where *α*_{i}, *ϕ, β*_{kj}, and *δ*_{kj} are coefficients; *ε*_{kit} is the error term. *k* = 1, 2. Substituting the CDR of Eq. (3) with the NCDR specified in Eqs. (2a) and (2b) and defining

(4) |

where *α*_{i}, *ϕ, β*_{kj}, and *δ*_{kj} are the coefficients; *ε*_{kit} is the error term; *CDR*1 and *CDR*2 are the switched factors; DV*k*(⋅) is the dummy variable, where DV*k* = 1 if the condition inside the parenthesis holds, DV*k* = 0, otherwise. *K* = 1~2. Eq. (4) is the primary empirical model of this chapter.

The readers might be curious why not to construct a three-regime DPDM. The primary reason is that a three-regime DPDM would lead to many differences from the model of [9] to compare the empirical findings. In addition, the three-regime model costs lots of degrees of freedom. Because of these two reasons, what is done here is to derive the depression and recovery subperiods from the recession period, rather than specifying three regimes.

To estimate the nonlinear DPDM, it will be too complicated if one considers the nonlinearity and the dynamic panel data characteristic at the same time in the estimation.6 A better way to do is to use the two-step method to estimate the nonlinear DPDM. First, the exogenously given switched factors (the CDR or NCDR) are employed to divide the regimes; in the meantime, the dummy variable can reveal the nonlinear relationship between the variables. Second, the GMM estimation, named AB-GMM afterward, is utilized to deal with the “dynamic” panel data characteristic that is caused by the inclusion of the lagged dependent variable in the regressors. When one estimates Eq. (4) with AB-GMM estimation, since the variables will be first differenced, the constant term will disappear.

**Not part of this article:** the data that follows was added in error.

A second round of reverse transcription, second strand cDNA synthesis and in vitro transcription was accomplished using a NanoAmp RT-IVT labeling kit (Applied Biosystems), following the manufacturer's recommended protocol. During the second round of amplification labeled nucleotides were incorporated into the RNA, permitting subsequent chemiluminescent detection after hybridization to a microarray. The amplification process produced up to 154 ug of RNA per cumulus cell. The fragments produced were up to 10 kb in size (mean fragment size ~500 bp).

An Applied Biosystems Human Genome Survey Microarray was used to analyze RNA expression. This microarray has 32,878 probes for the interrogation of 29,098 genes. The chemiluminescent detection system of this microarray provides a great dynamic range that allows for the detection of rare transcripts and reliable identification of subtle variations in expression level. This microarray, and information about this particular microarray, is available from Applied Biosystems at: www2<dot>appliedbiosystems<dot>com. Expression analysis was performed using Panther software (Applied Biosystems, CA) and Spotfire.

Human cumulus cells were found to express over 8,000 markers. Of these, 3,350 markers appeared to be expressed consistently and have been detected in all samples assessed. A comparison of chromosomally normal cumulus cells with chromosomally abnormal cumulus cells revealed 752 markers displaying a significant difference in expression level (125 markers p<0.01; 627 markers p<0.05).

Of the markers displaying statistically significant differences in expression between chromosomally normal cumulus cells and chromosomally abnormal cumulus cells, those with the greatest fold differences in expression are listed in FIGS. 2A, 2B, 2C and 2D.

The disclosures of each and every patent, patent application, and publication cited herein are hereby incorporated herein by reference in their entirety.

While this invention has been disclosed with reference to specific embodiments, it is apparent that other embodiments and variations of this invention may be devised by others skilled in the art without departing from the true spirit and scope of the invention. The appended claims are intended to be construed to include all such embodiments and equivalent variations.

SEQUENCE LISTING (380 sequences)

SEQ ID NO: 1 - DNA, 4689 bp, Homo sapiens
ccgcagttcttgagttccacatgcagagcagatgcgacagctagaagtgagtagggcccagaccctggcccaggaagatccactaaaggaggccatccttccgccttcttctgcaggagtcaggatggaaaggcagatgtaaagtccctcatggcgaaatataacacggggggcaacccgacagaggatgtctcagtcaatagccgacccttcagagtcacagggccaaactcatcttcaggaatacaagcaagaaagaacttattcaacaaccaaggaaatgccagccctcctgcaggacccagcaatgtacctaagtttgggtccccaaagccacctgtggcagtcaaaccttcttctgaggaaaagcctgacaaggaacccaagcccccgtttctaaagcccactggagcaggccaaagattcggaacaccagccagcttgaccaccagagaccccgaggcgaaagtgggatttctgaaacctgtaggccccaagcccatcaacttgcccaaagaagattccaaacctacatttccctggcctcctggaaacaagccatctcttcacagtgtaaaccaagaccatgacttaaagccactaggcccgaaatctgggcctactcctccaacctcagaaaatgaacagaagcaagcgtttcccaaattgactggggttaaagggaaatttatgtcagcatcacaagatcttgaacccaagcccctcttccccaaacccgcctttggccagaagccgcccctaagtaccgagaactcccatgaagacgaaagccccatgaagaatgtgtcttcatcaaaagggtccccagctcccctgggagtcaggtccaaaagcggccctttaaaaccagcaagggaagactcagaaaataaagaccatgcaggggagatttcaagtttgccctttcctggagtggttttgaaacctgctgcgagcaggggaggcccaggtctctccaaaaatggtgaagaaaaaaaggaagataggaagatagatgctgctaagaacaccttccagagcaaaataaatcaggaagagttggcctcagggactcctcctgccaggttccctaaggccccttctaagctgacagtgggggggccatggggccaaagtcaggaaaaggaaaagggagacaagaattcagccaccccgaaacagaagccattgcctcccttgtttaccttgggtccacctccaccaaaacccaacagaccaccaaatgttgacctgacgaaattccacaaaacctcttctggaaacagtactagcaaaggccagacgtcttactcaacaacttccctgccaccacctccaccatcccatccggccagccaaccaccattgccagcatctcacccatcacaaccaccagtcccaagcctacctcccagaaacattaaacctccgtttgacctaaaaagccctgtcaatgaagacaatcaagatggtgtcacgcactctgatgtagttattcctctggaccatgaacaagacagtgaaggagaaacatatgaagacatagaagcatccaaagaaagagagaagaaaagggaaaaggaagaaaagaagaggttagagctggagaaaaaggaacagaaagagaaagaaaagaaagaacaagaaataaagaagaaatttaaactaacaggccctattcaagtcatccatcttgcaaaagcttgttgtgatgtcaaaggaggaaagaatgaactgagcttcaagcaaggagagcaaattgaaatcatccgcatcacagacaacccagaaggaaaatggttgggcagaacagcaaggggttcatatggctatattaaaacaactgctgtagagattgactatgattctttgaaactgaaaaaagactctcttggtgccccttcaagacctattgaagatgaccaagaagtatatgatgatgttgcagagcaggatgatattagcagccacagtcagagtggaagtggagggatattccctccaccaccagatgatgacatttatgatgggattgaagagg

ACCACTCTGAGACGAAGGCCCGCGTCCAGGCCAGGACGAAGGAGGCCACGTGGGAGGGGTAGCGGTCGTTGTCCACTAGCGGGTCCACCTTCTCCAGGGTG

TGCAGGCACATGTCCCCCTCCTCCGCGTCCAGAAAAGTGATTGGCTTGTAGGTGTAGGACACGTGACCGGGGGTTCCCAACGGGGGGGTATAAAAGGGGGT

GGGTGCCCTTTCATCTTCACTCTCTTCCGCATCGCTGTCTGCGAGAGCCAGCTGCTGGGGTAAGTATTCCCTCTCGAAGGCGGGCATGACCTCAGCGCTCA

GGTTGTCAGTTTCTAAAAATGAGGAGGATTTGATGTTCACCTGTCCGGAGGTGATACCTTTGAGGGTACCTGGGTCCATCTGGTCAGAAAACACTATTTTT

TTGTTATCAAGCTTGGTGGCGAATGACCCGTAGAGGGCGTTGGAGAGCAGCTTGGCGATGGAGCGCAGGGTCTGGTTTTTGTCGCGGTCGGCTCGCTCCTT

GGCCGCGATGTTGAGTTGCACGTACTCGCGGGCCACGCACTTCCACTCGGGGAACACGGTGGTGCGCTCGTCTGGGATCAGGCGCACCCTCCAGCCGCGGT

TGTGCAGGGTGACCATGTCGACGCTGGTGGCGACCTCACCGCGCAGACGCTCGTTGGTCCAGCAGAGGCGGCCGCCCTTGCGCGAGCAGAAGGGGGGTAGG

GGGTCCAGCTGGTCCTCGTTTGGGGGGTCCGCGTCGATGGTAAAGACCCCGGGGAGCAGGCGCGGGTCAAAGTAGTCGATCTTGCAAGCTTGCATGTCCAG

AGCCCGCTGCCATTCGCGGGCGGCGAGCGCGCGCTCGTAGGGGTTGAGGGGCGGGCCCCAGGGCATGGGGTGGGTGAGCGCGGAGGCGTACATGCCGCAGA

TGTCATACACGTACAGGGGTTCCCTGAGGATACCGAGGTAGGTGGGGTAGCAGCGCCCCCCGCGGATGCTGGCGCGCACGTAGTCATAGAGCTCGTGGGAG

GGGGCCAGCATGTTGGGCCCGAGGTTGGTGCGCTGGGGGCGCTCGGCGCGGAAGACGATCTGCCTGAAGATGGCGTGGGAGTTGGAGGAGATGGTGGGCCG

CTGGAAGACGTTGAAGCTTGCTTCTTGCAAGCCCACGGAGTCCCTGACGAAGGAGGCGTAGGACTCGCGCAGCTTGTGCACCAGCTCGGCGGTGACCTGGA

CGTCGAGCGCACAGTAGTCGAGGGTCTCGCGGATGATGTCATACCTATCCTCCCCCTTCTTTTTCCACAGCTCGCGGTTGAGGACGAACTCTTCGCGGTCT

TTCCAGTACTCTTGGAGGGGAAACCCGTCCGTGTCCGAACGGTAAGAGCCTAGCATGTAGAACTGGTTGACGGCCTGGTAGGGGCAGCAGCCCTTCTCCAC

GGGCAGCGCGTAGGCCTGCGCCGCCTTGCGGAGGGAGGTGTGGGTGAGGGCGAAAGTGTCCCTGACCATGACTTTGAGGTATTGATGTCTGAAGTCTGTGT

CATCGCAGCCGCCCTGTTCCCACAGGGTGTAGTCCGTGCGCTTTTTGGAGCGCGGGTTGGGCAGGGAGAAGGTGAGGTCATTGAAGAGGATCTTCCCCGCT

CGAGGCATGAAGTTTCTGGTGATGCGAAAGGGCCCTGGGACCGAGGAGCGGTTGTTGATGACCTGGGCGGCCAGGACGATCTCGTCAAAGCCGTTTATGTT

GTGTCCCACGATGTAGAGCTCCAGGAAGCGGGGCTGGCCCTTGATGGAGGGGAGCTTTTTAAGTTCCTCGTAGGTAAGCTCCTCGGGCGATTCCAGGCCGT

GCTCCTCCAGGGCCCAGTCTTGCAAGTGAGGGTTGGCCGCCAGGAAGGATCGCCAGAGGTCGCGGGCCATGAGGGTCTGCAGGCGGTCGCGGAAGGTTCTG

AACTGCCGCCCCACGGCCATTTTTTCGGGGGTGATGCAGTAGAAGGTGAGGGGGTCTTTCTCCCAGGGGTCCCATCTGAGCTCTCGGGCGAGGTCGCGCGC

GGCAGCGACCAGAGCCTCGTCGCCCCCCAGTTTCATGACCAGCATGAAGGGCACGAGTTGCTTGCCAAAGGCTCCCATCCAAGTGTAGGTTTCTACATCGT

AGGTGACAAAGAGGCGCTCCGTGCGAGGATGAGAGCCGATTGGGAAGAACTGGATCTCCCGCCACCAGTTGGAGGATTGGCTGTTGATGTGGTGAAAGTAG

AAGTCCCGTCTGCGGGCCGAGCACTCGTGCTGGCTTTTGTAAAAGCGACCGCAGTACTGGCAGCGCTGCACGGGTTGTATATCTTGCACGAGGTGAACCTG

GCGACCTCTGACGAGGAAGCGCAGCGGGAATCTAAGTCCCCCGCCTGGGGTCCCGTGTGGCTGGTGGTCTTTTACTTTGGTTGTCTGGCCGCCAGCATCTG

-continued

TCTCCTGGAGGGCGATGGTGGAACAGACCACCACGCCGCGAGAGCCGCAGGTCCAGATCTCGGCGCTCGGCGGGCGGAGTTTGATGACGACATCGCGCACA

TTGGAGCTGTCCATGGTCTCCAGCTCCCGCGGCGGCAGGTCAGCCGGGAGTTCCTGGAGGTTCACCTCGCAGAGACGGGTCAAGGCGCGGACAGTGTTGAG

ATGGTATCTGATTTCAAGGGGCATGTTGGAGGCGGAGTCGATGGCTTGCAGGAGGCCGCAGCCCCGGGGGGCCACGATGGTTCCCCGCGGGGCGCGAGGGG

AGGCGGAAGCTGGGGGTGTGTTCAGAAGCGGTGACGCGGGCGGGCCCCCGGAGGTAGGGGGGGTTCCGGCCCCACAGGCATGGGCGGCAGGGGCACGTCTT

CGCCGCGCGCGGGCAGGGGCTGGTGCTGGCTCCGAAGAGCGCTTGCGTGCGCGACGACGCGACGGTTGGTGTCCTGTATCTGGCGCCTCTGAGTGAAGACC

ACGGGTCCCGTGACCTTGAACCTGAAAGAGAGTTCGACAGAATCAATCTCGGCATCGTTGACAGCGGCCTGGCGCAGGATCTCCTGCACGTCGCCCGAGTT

## 4. Empirical results and analyses

To avoid the spurious regression problem, one should examine whether the panel data are stationary by conducting the unit root test.7 The result of the panel data unit root test is shown in **Table 1**, shows that the variables are stationary.

[i] -
Notes: The “*ry*” is the economic growth rate, and “*rs*” is the stock return. The above five types of panel unit root tests: Levin et al. [22], Breitung [23], Im et al. [24], Fisher-type tests using ADF and PP tests (Maddala and Wu [25] and Choi [26]).“*”, “**”, and “***” denote the 1% significant level.

At this moment, the CDR (or NCDR) is employed as the switched factor in the nonlinear model to divide between the expansionary and recession periods. The switched factor has been chosen and the switched point has been determined. The lagged period is 4,8 same as the setting of [9]. The only thing that is adjustable here is the delay period. We find the 1 and 2 periods delay CDR are well, which indicates that it is appropriate to use the delay CDR as the switched factor. In this chapter, the delay period is set to 2 to meet the 5% significant level condition. Because of this, if an economy has a sequence of negative economic growth rates in two seasons, then the economy could be viewed as entering the recession period.9

[i] -